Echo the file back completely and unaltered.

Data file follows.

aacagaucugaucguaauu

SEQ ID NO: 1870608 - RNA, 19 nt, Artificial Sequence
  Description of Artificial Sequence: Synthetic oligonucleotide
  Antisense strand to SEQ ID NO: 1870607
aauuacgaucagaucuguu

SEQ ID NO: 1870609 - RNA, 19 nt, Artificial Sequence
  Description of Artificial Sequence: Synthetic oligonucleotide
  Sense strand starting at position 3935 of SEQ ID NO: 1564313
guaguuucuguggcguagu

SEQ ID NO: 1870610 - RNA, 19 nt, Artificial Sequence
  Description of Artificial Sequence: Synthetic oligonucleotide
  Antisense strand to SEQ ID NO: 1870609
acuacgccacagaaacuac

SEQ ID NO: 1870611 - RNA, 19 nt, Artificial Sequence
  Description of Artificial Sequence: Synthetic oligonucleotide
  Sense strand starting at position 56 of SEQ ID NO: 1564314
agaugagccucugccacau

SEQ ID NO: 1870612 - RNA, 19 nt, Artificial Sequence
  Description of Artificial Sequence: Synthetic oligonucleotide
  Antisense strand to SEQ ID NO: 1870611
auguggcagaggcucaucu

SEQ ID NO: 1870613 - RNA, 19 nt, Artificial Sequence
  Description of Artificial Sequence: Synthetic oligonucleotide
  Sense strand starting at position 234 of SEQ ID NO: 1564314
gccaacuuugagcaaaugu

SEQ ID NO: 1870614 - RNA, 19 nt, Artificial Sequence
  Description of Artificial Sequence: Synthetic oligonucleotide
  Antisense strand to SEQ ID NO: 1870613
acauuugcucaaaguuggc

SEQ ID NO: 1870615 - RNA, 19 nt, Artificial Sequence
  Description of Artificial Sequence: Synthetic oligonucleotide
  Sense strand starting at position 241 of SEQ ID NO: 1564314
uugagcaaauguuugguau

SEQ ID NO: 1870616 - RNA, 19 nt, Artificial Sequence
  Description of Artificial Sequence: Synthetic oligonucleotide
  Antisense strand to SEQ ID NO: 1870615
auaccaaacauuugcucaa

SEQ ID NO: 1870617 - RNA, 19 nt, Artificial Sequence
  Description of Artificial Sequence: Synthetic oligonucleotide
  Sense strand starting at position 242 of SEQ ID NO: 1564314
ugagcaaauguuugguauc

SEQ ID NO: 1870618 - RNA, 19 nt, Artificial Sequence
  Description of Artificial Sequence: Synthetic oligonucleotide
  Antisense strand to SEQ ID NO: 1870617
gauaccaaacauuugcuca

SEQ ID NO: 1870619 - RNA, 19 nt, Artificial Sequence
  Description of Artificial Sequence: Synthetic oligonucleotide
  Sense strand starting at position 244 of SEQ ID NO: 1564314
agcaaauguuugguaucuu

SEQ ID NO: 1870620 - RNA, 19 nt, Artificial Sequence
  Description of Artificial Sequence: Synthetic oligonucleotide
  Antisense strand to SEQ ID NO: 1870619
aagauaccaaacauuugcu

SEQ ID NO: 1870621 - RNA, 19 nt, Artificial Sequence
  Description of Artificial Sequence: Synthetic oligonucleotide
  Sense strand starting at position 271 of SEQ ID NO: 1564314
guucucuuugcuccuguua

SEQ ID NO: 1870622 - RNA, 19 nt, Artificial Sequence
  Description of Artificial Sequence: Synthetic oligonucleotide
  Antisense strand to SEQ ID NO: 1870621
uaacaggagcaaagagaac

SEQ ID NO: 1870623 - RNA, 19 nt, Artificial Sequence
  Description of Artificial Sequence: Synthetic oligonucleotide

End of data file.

aacagaucugaucguaauu

SEQ ID NO: 1870608 - RNA, 19 nt, Artificial Sequence
  Description of Artificial Sequence: Synthetic oligonucleotide
  Antisense strand to SEQ ID NO: 1870607
aauuacgaucagaucuguu

SEQ ID NO: 1870609 - RNA, 19 nt, Artificial Sequence
  Description of Artificial Sequence: Synthetic oligonucleotide
  Sense strand starting at position 3935 of SEQ ID NO: 1564313
guaguuucuguggcguagu

SEQ ID NO: 1870610 - RNA, 19 nt, Artificial Sequence
  Description of Artificial Sequence: Synthetic oligonucleotide
  Antisense strand to SEQ ID NO: 1870609
acuacgccacagaaacuac

SEQ ID NO: 1870611 - RNA, 19 nt, Artificial Sequence
  Description of Artificial Sequence: Synthetic oligonucleotide
  Sense strand starting at position 56 of SEQ ID NO: 1564314
agaugagccucugccacau

SEQ ID NO: 1870612 - RNA, 19 nt, Artificial Sequence
  Description of Artificial Sequence: Synthetic oligonucleotide
  Antisense strand to SEQ ID NO: 1870611
auguggcagaggcucaucu

SEQ ID NO: 1870613 - RNA, 19 nt, Artificial Sequence
  Description of Artificial Sequence: Synthetic oligonucleotide
  Sense strand starting at position 234 of SEQ ID NO: 1564314
gccaacuuugagcaaaugu

SEQ ID NO: 1870614 - RNA, 19 nt, Artificial Sequence
  Description of Artificial Sequence: Synthetic oligonucleotide
  Antisense strand to SEQ ID NO: 1870613
acauuugcucaaaguuggc

SEQ ID NO: 1870615 - RNA, 19 nt, Artificial Sequence
  Description of Artificial Sequence: Synthetic oligonucleotide
  Sense strand starting at position 241 of SEQ ID NO: 1564314
uugagcaaauguuugguau

SEQ ID NO: 1870616 - RNA, 19 nt, Artificial Sequence
  Description of Artificial Sequence: Synthetic oligonucleotide
  Antisense strand to SEQ ID NO: 1870615
auaccaaacauuugcucaa

SEQ ID NO: 1870617 - RNA, 19 nt, Artificial Sequence
  Description of Artificial Sequence: Synthetic oligonucleotide
  Sense strand starting at position 242 of SEQ ID NO: 1564314
ugagcaaauguuugguauc

SEQ ID NO: 1870618 - RNA, 19 nt, Artificial Sequence
  Description of Artificial Sequence: Synthetic oligonucleotide
  Antisense strand to SEQ ID NO: 1870617
gauaccaaacauuugcuca

SEQ ID NO: 1870619 - RNA, 19 nt, Artificial Sequence
  Description of Artificial Sequence: Synthetic oligonucleotide
  Sense strand starting at position 244 of SEQ ID NO: 1564314
agcaaauguuugguaucuu

SEQ ID NO: 1870620 - RNA, 19 nt, Artificial Sequence
  Description of Artificial Sequence: Synthetic oligonucleotide
  Antisense strand to SEQ ID NO: 1870619
aagauaccaaacauuugcu

SEQ ID NO: 1870621 - RNA, 19 nt, Artificial Sequence
  Description of Artificial Sequence: Synthetic oligonucleotide
  Sense strand starting at position 271 of SEQ ID NO: 1564314
guucucuuugcuccuguua

SEQ ID NO: 1870622 - RNA, 19 nt, Artificial Sequence
  Description of Artificial Sequence: Synthetic oligonucleotide
  Antisense strand to SEQ ID NO: 1870621
uaacaggagcaaagagaac

SEQ ID NO: 1870623 - RNA, 19 nt, Artificial Sequence
  Description of Artificial Sequence: Synthetic oligonucleotide